Most child development experts recommend avoiding screen media for children younger than 18 months. Children under 18 months cannot translate what they perceive on a two-dimensional screen into the physical world. 

Researchers have established that children who are watching screens develop lower communication and cognitive abilities. The time spent on screens minuses from their  experiences that genuinely support learning.

It is also addictive so diminishes capabilities of self-control and delaying gratification that is such an important success factor for life.

What do the experts say about screen time?

1 Babies need humans, not screens.

Naturally, children learn more when they watch TV or use apps with a parent. Content matters a lot. All programs educate kids about something, but stick with ones that are designed to teach children stuff they should actually know like language and maths.

Regardless of content, cap your child's electronic entertainment time at 1 hour a day from age 18 months to age five.

Patricia Kuhl is one of the world’s leading brain scientists who studies more than 4,000 babies each year. 

“What we’ve discovered is that little babies, under a year old, do not learn from a machine,” she says, pointing to several brain scans on a computer. “Even if you show them captivating videos, the difference in learning is extraordinary. You get genius learning from a live human being, and you get zero learning from a machine.” 

Perhaps that is why the World Health Organization recommends no screen time for babies under 2 and no more than one hour of screen time a day for those aged 2 to 4.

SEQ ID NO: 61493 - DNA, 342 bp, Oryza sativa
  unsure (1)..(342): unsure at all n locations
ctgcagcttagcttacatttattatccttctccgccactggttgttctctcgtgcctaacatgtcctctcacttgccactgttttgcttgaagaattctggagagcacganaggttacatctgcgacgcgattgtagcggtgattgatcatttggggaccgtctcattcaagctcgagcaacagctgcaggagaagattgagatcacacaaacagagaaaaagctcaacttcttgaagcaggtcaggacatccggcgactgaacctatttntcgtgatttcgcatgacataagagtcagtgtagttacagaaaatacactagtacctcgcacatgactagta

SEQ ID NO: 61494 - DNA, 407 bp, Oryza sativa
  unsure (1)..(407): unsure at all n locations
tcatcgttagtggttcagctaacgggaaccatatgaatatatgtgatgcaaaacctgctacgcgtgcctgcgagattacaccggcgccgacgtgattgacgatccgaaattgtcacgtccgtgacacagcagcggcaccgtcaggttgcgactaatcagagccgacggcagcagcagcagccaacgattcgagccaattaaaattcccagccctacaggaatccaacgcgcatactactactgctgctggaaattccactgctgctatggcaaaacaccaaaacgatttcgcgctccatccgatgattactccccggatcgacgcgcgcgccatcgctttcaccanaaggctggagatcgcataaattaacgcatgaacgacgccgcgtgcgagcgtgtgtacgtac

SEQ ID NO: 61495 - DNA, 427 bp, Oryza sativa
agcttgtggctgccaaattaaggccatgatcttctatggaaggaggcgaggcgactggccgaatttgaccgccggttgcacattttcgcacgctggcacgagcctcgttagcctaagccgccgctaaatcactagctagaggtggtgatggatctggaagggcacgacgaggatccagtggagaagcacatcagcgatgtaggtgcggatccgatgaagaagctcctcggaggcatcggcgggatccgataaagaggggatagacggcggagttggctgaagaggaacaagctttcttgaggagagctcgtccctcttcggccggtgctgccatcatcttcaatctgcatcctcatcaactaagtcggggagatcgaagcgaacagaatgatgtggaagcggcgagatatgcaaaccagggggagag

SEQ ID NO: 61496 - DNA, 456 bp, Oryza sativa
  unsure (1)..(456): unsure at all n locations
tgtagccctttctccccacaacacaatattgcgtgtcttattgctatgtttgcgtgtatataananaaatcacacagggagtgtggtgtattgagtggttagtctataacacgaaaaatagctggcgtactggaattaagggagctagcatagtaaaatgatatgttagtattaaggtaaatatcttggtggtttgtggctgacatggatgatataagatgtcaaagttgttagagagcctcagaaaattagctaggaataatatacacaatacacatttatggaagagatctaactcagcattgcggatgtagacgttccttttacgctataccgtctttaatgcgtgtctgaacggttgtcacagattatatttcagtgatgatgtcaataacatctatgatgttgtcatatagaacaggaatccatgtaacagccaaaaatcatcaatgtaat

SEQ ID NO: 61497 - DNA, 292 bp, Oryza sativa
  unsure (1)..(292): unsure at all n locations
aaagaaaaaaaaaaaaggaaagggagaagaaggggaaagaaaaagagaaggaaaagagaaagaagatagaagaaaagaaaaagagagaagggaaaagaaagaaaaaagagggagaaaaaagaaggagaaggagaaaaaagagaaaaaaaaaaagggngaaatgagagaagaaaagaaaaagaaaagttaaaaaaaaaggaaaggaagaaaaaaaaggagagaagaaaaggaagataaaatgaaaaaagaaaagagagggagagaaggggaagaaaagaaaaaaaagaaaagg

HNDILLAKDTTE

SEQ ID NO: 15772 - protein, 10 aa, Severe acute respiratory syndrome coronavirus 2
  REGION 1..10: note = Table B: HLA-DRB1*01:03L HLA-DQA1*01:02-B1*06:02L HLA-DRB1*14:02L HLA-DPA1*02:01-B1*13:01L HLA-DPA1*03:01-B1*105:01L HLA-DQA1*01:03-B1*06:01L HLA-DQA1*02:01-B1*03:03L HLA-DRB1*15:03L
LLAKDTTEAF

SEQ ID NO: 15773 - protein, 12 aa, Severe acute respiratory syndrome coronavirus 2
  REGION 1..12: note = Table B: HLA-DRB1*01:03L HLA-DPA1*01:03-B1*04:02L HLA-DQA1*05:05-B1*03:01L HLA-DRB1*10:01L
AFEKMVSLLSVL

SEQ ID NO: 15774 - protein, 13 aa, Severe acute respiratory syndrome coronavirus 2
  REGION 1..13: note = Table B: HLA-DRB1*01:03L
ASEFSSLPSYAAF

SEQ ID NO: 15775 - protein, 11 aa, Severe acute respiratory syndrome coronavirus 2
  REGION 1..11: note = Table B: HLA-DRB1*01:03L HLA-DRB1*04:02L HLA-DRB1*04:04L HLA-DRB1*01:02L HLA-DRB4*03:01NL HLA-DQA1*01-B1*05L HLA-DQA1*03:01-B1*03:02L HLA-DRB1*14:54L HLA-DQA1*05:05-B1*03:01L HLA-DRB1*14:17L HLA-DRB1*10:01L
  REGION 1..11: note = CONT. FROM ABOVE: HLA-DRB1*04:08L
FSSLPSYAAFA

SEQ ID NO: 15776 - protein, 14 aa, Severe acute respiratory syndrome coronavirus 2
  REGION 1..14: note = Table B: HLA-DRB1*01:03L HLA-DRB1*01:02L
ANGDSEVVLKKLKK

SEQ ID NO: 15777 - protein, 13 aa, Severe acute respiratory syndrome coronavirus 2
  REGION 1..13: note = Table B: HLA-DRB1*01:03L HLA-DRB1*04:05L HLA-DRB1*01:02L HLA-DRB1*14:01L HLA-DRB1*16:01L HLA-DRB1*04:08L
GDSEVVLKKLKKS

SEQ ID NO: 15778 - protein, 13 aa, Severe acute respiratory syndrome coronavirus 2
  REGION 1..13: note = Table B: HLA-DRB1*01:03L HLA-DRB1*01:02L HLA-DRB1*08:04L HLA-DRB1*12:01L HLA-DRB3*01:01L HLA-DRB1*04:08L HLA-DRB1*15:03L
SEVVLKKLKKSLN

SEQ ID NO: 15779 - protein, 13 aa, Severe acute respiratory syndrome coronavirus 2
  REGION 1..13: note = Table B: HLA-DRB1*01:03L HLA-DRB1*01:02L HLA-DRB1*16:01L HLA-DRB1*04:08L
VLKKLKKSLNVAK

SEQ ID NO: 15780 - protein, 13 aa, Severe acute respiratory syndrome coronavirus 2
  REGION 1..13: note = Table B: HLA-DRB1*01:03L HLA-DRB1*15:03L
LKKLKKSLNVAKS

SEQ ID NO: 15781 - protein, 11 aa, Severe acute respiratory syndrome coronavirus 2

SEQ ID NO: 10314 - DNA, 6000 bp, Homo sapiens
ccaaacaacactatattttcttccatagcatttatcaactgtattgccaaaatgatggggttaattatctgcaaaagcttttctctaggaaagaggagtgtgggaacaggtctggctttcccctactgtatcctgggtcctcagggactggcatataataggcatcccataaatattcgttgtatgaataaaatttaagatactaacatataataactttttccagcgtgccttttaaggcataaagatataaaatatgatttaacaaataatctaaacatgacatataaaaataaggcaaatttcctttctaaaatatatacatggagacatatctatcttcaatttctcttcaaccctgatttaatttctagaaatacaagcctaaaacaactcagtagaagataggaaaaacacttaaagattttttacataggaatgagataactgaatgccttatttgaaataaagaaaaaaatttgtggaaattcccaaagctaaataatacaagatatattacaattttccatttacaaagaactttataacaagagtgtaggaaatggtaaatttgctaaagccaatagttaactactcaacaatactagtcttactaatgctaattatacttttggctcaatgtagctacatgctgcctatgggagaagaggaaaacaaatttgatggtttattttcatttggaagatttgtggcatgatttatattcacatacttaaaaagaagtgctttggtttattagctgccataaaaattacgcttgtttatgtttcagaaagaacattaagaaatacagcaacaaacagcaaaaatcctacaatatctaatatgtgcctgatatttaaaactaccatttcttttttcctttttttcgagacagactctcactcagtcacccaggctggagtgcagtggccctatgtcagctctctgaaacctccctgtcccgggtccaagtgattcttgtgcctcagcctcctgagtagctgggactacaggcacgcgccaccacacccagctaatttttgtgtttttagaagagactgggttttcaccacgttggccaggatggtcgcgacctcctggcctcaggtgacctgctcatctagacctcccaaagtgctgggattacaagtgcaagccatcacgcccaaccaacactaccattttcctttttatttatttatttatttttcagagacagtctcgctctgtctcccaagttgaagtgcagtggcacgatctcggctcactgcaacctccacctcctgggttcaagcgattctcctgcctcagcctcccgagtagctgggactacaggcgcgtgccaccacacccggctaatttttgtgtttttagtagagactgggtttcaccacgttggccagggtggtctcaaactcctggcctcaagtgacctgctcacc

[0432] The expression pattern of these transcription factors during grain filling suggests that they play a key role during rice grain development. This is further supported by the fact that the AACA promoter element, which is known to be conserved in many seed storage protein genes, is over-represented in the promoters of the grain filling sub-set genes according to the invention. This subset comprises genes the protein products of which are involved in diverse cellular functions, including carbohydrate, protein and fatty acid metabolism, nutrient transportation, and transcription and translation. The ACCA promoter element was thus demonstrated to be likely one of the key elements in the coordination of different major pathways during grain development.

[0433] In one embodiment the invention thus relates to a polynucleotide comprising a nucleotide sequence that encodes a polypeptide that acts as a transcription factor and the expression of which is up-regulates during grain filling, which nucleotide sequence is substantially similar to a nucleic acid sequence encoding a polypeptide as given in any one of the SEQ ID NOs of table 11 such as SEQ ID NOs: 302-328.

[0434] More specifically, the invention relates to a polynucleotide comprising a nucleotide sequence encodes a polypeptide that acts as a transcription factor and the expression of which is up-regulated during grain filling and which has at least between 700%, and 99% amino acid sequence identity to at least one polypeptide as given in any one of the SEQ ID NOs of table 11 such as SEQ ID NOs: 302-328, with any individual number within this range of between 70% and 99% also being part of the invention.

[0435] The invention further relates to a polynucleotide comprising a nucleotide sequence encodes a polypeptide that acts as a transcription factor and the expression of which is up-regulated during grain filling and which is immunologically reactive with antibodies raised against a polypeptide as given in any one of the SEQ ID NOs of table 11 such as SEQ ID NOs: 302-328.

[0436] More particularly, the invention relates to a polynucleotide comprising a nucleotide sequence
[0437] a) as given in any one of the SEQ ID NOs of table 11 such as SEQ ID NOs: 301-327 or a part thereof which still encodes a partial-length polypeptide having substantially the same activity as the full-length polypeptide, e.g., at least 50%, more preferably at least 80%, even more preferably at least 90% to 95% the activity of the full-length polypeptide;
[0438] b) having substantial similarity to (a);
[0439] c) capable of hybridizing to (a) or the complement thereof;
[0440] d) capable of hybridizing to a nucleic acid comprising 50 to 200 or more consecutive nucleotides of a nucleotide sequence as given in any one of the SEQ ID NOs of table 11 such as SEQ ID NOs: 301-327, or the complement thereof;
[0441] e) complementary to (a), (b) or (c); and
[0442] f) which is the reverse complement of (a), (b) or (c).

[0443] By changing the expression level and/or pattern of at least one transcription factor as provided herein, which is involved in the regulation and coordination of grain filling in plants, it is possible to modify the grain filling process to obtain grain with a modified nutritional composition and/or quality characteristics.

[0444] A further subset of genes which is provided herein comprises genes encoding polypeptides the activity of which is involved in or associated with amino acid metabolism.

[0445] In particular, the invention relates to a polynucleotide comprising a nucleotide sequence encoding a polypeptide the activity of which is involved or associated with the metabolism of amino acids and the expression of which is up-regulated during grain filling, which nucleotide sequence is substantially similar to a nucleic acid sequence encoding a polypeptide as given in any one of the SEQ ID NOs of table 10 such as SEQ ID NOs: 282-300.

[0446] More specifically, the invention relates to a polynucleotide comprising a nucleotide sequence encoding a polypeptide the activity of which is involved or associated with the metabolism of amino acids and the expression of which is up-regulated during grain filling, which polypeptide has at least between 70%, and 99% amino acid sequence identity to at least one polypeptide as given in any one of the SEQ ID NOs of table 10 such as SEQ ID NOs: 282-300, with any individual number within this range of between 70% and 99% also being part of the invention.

2. Screens damage attention spans

For children to be successful, they need to learn how to concentrate and focus. That ability starts to develop during their earliest years when their brains are more sensitive to the environments around them. For a brain to develop and grow, it needs essential stimuli from the outside world. More importantly, they need time to process those stimuli. While reading storybooks out loud gives children time to process words, images and voices, the constant absorption of on-screen images and messages affects their attention span and focus. 

3. Screens reduce the ability to control impulses

Young children need their dose of boredom. It teaches them how to cope with frustration and control their impulses. If young children are constantly being stimulated by screens, they forget how to rely on themselves or others for entertainment. This leads to frustration and hinders imagination and motivation. 

4. Screens reduce empathy

In the first two years of life, a very critical first step towards emotional intelligence is developing - the ability to recognize emotions from facial expressions. Research has shown that screen time inhibits young children’s ability to read faces and learn social skills, two key factors needed to develop empathy. Face-to-face interactions are the only way young children learn to understand non-verbal cues and interpret them. 

“Until babies develop language,” says Charles Nelson, a Harvard neuroscientist who studies the impact of neglect on children’s brains, “all communication is non-verbal, so they depend heavily on looking at a face and deriving meaning from that face. Is this person happy with me, or are they upset at me?” That two-way interaction between children and adult caregivers is critically important for brain development.